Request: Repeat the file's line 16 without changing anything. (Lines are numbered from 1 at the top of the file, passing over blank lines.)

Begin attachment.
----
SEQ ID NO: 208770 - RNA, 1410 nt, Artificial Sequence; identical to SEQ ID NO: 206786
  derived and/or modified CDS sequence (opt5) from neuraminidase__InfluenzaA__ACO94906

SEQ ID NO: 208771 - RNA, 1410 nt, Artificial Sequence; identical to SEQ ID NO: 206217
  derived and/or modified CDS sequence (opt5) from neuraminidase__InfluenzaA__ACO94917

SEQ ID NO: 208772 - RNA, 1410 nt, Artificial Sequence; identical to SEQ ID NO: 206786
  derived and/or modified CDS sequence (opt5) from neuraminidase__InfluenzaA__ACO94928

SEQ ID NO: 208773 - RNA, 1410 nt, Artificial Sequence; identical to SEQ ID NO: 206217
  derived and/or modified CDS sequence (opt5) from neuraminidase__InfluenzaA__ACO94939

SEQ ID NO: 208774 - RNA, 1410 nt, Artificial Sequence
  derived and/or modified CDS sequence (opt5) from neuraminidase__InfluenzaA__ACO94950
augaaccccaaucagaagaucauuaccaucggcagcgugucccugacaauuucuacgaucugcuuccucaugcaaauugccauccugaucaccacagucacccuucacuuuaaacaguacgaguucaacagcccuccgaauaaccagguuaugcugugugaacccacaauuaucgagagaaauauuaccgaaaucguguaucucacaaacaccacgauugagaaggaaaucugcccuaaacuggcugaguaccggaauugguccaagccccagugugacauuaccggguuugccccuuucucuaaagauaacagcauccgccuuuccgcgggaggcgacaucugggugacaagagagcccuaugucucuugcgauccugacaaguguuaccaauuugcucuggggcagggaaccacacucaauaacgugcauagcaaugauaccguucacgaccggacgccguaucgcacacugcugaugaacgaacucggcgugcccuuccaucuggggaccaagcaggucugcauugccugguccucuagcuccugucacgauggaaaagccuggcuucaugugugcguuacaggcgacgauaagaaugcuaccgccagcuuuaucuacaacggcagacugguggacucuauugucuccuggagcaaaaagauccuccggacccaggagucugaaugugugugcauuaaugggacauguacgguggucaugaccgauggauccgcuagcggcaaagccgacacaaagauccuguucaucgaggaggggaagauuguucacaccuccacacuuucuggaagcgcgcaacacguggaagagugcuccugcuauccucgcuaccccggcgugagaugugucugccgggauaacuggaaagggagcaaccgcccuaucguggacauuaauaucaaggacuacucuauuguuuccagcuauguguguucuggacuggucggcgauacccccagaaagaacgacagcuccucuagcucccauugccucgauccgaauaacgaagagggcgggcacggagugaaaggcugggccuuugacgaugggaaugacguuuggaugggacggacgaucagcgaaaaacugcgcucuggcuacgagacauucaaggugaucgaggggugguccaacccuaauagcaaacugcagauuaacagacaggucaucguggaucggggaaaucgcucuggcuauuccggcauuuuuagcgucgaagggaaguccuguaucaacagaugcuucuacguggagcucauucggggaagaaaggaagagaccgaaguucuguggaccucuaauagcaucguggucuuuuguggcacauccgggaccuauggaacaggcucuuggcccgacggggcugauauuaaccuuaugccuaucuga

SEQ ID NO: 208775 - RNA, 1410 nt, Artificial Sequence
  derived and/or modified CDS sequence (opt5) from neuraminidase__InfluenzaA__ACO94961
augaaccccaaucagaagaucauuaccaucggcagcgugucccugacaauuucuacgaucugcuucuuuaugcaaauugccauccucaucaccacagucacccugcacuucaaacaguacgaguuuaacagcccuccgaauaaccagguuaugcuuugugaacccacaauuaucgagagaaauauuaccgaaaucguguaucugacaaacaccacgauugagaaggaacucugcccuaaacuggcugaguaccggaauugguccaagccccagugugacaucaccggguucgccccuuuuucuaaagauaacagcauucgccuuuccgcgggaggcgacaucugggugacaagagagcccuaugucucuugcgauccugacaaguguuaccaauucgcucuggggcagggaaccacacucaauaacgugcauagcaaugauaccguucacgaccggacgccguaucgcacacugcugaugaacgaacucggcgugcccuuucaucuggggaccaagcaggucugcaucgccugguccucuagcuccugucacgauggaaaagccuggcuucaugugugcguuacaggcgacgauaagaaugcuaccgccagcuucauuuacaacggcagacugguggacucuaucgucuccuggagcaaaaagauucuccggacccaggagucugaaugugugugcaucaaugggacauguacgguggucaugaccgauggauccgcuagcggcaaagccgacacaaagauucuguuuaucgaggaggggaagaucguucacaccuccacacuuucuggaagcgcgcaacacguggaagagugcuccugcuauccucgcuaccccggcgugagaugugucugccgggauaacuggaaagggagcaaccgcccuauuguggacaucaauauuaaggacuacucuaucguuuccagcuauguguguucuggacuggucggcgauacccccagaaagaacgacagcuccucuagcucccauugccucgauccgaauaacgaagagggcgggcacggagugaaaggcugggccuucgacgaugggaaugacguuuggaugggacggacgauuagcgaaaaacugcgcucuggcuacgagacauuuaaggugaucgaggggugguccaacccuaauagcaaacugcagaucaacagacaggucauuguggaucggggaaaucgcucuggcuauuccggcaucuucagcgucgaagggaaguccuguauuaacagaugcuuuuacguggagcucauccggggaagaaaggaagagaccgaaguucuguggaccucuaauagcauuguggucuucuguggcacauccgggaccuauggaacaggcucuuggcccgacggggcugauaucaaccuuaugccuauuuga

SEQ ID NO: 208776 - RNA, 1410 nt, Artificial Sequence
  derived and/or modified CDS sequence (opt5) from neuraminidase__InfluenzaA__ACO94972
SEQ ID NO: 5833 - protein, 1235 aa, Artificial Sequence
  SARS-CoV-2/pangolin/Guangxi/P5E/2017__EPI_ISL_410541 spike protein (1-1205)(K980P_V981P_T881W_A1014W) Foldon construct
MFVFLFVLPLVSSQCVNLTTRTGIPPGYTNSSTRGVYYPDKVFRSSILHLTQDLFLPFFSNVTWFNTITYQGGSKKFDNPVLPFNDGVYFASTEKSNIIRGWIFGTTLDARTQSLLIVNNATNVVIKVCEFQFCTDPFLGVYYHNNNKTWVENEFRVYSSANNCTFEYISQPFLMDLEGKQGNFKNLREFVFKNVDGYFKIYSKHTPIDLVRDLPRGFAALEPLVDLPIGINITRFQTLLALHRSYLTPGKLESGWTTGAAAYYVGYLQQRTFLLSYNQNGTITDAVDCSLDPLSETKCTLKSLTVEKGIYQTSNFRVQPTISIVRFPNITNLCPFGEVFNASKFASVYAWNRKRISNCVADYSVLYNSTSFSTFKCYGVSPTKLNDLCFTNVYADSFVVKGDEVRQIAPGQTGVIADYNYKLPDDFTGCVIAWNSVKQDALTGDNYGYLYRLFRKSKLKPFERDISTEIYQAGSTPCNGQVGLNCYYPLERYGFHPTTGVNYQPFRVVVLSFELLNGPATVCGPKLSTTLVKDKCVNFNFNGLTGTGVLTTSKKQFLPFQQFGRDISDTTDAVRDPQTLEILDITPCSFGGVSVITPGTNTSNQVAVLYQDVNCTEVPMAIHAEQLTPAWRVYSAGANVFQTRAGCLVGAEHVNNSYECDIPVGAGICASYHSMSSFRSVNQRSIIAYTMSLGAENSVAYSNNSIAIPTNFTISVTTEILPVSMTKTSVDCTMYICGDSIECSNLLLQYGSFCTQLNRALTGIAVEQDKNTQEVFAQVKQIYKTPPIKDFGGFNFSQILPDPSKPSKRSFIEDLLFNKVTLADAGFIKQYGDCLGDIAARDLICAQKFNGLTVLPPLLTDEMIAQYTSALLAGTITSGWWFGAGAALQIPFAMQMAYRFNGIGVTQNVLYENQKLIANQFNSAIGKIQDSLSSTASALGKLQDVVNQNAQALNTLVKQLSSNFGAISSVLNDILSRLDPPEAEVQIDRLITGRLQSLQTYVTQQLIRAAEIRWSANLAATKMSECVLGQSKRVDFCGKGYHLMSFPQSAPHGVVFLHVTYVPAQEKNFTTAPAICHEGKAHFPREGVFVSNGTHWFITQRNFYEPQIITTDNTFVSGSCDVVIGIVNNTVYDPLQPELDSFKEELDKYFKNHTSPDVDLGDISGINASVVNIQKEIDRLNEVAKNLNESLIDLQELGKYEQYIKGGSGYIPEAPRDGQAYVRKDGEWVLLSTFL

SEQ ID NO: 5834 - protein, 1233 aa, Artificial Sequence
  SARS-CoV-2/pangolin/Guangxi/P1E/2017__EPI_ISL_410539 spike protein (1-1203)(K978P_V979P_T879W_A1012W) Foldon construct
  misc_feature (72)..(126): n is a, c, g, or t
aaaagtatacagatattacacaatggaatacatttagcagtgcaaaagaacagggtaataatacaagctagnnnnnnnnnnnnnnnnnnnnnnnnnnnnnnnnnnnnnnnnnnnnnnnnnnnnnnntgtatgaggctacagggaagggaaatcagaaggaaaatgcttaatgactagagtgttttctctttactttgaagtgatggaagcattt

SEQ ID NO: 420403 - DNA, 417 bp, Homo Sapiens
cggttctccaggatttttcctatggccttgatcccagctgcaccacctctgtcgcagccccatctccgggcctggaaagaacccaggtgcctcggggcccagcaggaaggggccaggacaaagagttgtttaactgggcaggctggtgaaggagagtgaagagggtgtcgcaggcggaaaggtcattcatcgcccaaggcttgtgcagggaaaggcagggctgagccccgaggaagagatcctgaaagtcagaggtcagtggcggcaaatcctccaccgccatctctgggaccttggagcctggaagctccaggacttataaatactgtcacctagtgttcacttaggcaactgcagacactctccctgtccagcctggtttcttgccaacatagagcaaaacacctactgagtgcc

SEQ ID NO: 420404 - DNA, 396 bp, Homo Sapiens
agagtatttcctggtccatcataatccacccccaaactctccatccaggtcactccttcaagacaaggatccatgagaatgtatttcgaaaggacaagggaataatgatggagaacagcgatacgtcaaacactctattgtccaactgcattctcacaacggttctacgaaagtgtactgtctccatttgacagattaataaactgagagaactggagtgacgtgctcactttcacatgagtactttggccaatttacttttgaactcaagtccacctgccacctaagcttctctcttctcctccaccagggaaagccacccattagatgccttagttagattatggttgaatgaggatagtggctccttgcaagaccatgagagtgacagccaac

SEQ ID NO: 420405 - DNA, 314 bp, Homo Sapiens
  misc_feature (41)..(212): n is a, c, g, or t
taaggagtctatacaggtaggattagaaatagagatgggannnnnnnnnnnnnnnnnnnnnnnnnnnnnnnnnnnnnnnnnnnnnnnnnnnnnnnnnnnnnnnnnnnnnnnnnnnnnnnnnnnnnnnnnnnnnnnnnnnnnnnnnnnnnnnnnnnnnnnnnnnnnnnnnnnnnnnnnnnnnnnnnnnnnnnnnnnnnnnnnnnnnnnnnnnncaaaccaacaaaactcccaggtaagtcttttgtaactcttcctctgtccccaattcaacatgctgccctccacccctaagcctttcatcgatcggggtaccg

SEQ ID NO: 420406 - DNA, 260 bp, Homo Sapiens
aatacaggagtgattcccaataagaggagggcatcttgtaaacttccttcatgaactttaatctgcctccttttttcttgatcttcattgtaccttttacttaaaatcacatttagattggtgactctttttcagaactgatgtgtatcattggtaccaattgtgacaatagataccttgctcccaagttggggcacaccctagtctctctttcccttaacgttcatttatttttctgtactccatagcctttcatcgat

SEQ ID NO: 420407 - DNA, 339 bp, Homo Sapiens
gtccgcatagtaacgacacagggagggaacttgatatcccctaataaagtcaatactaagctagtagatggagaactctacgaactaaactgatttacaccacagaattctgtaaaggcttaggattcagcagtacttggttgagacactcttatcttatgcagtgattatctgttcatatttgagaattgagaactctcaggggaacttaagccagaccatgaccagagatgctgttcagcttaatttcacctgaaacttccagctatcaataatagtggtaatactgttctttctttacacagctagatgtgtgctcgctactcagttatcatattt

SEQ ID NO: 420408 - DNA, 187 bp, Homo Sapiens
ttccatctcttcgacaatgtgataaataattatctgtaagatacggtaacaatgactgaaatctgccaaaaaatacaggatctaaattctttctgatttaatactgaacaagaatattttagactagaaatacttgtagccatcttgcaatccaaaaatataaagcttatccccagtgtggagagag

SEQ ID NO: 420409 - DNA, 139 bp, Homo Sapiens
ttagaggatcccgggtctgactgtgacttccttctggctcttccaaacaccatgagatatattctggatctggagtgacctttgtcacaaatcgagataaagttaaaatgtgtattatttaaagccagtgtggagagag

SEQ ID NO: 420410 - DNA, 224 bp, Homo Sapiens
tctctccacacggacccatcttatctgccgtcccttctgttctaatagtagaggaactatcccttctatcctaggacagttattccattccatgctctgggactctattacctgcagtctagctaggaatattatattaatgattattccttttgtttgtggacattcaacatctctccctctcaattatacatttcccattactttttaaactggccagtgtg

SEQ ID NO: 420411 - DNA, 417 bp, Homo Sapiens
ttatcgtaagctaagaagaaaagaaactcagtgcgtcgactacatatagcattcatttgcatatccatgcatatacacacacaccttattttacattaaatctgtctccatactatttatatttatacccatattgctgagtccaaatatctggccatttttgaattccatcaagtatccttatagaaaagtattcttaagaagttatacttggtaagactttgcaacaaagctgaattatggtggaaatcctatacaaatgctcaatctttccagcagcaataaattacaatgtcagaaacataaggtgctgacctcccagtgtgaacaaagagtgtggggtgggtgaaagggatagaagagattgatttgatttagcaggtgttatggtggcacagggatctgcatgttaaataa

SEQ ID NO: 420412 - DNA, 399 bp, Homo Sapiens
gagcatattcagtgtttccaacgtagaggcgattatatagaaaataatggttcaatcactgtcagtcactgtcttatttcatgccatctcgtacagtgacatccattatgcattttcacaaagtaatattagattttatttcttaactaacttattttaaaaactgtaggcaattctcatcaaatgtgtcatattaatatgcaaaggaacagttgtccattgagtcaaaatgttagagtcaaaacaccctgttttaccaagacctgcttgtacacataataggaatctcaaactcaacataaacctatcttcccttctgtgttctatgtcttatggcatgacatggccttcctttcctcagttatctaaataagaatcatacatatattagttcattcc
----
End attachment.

  derived and/or modified CDS sequence (opt5) from neuraminidase__InfluenzaA__ACO94972